The ingredients needed for this recipe are very accessible. However, this dish also calls for a copper bowl. Using a copper bowl is recommended since it will make the dough smooth and silky when it heats up from all the kneading.
According to legend, the term originated from a 16th-century Ottoman king of Elbasan who shouted, “Është ba si llokume!” (meaning “It’s as good as a lokum!”) after tasting this little cake. The term “llokume” then became a part of the name for this sweet treat.
27. Baklava – Albanian Pastry
Baklava is a layered pastry treat consisting of filo dough, chopped nuts, and honey or syrup. It was one of the most popular sweet pastries in Ottoman cuisine.
The dish’s roots before the Ottoman period are still under debate. The placenta cake in Romania, traditional layered sweets in Central Asia, and Lauzinaj in Iran are the three primary contenders for the pre-Ottoman roots of Baklava.
Despite its origin, the popularity of this yummy dessert is genuinely astonishing. You can easily see it in the list of Greek-style desserts, or the sweet course of Egyptians. Of course, the components vary by country.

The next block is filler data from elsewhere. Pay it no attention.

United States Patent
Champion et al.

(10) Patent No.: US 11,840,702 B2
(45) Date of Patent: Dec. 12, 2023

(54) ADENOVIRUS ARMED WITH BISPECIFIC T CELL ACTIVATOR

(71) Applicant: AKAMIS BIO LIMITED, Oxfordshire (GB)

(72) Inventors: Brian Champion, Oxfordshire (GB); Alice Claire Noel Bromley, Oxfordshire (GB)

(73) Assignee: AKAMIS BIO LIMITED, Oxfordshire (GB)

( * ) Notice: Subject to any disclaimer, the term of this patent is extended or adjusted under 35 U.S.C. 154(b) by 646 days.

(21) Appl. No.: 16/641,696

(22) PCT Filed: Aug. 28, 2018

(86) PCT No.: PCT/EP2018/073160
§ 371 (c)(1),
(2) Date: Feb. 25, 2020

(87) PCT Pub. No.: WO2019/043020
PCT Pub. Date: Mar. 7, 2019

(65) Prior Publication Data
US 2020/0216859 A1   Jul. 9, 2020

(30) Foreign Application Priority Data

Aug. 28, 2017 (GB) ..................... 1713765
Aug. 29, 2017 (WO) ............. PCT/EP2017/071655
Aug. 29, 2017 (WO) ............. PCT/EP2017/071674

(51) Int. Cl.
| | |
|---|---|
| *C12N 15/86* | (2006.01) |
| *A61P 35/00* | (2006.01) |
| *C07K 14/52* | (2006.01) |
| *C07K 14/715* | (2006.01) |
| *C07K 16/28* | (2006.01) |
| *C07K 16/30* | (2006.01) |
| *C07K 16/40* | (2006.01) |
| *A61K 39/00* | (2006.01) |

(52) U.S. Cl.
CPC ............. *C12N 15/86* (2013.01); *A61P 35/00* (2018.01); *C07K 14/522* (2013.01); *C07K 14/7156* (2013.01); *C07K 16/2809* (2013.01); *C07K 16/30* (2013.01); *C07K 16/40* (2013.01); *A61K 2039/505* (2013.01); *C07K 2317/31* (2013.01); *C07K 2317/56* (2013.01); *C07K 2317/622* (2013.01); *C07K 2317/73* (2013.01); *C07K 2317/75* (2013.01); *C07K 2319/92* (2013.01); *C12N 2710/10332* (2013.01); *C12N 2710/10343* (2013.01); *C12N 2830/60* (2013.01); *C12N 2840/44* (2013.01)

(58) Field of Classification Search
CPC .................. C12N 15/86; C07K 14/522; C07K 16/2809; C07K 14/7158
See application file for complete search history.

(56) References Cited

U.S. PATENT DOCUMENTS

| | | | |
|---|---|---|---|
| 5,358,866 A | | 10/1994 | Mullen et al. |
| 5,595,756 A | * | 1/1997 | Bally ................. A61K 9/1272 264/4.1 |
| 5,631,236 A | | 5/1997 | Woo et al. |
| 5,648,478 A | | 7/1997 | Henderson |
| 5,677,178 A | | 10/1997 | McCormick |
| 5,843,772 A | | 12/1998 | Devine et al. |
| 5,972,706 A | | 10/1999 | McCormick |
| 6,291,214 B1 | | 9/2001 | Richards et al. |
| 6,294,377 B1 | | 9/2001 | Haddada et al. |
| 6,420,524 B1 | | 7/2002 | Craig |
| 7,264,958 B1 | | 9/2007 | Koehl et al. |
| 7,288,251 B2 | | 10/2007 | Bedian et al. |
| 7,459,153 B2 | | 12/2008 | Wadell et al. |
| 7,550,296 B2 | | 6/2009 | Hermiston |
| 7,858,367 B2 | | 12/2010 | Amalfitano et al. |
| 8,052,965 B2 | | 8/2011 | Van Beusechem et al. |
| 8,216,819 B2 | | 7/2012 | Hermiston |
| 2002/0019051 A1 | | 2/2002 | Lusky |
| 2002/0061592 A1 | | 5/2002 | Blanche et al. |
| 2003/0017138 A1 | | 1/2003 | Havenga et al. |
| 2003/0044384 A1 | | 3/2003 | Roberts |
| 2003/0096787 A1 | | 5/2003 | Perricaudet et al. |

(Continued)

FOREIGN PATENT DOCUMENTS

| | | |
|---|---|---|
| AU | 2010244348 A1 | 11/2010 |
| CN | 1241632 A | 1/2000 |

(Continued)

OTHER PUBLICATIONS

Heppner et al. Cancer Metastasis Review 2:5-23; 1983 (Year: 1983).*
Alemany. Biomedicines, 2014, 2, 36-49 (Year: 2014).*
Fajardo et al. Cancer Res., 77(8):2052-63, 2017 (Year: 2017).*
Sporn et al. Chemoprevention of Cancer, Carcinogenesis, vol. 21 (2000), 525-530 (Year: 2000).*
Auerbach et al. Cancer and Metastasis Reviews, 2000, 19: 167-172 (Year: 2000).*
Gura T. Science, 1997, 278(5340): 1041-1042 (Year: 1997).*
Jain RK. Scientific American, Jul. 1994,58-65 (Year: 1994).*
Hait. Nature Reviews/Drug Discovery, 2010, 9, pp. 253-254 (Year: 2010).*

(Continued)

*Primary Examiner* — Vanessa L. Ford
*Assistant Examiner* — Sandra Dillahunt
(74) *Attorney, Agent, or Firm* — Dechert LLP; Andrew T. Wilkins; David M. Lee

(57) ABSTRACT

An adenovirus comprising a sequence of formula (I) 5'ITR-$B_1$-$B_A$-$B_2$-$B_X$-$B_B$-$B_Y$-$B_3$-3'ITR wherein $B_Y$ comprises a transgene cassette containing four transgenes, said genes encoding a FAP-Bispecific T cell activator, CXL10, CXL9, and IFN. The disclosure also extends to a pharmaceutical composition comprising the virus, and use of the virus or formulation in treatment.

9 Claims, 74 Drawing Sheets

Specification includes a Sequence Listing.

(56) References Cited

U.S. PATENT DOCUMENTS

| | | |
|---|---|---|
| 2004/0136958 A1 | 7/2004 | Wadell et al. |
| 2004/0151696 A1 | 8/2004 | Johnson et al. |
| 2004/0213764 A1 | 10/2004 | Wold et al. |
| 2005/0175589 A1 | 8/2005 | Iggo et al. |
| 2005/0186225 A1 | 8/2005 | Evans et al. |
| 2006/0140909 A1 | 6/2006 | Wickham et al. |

Here’s how the best bakery in Tirana, Albania makes Baklava!
28. Tambëloriz – Rice Pudding
Tambëloriz, or Sultjash, is a famous Albanian sweet eaten worldwide. It’s a rice pudding cooked with milk, rice, nuts, cinnamon, and sometimes raisins.
This dish’s origins may originate from the Muslim world. When the Muslims invaded the Iberian Peninsula’s south, this dessert was brought to Spain and quickly became a worldwide craze.
While practically every nation has its unique kind of rice pudding, there is something different about Albanian rice pudding that is worth a shot.
29. Trilece – Tres Leches Cake/ Three Milk Cake
These three milk cakes are a must-try when it comes to Albanian sweets. Although the origin of this creamy and fluffy cake is still under debate, its popularity in Albania and other European countries is undeniable.
The dish’s name is self-explanatory. The three primary components in this meal are whole milk, evaporated milk, and sweetened condensed milk.